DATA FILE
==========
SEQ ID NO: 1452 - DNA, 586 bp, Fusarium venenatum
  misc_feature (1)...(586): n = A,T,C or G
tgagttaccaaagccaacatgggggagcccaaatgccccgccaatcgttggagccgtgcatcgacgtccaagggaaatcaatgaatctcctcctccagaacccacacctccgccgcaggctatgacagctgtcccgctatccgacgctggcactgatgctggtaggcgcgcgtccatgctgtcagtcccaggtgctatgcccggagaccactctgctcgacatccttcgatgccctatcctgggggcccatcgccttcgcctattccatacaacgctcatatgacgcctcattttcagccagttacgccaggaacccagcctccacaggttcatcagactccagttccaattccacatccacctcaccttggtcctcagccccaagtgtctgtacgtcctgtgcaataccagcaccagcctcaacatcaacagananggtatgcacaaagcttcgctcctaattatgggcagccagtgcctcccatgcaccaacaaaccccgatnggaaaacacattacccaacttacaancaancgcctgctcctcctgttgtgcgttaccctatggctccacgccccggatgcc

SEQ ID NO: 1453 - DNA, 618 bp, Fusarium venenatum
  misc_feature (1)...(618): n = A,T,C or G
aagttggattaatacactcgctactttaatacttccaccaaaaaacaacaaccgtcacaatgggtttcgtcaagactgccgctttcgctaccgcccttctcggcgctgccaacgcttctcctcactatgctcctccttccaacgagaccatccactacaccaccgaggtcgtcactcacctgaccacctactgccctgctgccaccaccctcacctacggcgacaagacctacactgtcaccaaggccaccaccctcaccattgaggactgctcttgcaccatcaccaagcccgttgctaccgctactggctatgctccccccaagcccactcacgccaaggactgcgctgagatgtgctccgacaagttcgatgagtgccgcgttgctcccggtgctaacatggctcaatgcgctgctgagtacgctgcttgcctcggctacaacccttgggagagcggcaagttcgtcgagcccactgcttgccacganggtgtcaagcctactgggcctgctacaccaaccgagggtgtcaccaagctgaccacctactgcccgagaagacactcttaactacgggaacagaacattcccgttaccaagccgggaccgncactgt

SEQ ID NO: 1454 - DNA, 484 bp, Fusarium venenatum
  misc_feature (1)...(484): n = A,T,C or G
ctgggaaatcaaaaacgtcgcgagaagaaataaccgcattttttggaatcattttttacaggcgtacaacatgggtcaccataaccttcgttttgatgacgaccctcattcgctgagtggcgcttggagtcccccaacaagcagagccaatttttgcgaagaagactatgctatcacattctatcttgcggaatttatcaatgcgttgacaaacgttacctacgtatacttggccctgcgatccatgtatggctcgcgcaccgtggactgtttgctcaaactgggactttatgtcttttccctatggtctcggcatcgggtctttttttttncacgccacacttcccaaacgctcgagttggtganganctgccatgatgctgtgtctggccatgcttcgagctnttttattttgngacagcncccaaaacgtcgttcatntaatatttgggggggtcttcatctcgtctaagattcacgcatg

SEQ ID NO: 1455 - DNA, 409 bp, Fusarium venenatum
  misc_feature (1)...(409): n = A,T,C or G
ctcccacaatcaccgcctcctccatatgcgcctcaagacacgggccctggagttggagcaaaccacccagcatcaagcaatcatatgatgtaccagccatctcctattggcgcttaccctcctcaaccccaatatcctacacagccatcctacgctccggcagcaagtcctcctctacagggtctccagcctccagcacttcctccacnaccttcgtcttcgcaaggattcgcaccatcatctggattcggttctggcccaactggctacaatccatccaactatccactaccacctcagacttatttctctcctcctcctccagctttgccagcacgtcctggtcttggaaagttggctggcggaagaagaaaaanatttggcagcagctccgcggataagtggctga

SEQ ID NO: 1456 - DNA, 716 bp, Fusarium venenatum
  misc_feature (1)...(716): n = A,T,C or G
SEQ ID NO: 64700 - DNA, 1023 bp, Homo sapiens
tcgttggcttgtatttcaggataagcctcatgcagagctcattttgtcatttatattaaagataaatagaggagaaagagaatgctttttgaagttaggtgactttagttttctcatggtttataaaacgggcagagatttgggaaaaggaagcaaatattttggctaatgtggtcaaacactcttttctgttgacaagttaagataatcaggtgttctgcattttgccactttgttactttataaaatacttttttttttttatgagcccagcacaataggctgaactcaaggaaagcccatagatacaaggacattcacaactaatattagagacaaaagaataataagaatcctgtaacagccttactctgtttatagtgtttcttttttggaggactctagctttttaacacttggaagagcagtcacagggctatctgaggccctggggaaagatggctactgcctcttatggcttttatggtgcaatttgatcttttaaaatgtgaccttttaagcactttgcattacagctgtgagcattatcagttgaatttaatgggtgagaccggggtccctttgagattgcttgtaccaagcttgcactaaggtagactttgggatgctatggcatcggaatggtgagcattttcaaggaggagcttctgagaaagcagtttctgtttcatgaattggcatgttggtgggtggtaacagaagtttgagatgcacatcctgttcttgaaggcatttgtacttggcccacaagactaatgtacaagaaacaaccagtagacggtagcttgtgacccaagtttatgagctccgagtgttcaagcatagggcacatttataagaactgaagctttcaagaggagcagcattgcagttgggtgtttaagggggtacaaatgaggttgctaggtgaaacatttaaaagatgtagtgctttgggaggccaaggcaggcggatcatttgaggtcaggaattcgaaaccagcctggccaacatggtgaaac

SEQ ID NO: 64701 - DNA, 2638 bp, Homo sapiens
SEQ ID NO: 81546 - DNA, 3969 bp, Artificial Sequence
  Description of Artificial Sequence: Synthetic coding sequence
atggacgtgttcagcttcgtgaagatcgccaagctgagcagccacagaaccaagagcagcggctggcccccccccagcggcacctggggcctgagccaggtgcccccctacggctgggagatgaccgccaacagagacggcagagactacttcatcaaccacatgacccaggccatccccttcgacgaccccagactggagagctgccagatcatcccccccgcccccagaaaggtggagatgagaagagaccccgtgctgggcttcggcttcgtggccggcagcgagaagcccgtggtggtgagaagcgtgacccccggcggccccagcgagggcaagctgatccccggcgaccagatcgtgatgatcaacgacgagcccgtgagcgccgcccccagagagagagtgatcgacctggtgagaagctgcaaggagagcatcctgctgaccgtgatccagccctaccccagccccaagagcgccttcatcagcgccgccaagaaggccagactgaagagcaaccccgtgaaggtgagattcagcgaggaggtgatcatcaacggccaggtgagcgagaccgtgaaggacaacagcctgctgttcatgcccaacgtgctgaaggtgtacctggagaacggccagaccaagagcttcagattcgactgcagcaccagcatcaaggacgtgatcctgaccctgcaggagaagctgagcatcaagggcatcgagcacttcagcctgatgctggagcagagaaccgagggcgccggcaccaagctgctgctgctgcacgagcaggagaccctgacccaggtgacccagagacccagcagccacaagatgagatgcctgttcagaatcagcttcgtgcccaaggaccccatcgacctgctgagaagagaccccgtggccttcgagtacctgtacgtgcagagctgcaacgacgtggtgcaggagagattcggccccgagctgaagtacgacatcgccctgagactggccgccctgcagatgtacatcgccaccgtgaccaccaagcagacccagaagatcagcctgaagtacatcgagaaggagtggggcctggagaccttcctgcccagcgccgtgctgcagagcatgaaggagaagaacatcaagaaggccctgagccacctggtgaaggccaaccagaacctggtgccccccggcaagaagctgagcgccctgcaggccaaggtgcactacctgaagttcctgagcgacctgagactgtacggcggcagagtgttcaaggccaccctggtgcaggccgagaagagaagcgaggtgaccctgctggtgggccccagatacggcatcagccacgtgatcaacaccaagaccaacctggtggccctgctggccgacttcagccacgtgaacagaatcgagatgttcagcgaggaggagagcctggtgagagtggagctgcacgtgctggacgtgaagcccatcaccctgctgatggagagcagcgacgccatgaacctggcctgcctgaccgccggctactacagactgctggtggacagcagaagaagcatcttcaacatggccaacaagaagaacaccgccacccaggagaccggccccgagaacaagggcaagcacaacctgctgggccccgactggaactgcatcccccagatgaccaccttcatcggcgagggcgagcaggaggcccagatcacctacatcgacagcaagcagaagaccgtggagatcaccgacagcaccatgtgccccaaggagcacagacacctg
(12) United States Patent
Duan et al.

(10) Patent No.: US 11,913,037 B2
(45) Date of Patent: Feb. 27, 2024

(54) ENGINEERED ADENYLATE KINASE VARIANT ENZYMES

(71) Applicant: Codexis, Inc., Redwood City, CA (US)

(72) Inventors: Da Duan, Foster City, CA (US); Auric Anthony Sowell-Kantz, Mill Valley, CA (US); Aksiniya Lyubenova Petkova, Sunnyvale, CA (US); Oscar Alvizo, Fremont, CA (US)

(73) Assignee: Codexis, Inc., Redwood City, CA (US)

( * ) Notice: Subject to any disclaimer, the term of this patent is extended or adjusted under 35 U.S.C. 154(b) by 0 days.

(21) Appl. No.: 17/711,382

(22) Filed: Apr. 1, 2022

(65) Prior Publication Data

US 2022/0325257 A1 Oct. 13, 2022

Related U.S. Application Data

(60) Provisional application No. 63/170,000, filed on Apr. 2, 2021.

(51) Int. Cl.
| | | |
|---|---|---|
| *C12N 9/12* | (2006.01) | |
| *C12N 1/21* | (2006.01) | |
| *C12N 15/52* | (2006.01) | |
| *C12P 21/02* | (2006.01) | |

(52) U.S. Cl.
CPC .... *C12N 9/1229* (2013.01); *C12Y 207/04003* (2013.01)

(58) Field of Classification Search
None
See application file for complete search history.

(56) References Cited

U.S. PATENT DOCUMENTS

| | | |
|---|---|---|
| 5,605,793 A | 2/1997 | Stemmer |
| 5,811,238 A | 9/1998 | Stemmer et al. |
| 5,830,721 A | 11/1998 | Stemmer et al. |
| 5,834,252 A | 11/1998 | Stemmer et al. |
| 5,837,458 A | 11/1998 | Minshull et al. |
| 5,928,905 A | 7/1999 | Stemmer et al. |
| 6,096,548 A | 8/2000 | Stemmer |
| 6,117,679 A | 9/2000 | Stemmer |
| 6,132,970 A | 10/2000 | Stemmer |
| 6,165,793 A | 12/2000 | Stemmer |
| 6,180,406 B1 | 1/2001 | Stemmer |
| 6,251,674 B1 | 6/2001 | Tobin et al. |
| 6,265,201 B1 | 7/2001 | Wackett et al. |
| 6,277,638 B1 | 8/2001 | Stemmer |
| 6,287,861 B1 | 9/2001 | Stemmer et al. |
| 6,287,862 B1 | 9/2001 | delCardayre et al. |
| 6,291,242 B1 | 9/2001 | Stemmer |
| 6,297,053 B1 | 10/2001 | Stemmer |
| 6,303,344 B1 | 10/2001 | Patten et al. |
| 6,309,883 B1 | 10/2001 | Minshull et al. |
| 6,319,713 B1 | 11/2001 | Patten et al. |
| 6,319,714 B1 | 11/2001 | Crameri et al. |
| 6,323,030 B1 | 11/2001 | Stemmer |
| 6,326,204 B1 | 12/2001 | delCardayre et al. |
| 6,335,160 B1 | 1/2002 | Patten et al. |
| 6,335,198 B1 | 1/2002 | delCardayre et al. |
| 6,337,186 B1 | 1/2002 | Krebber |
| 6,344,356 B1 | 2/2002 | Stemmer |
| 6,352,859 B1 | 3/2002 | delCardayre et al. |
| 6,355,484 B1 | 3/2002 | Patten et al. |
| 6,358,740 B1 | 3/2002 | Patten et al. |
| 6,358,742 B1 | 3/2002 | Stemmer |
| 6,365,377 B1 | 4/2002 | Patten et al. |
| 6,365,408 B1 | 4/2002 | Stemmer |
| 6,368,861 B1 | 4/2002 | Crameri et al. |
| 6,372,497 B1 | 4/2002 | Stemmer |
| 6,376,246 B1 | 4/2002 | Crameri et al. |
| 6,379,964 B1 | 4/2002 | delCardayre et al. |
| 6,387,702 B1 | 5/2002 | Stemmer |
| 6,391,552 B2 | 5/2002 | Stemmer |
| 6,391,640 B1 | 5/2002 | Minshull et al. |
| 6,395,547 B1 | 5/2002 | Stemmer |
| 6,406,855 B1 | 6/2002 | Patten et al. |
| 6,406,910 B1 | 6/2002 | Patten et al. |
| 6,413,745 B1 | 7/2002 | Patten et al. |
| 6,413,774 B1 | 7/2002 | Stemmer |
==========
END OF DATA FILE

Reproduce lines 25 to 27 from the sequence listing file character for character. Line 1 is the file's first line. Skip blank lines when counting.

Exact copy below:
(54) ENGINEERED ADENYLATE KINASE VARIANT ENZYMES

(71) Applicant: Codexis, Inc., Redwood City, CA (US)

(72) Inventors: Da Duan, Foster City, CA (US); Auric Anthony Sowell-Kantz, Mill Valley, CA (US); Aksiniya Lyubenova Petkova, Sunnyvale, CA (US); Oscar Alvizo, Fremont, CA (US)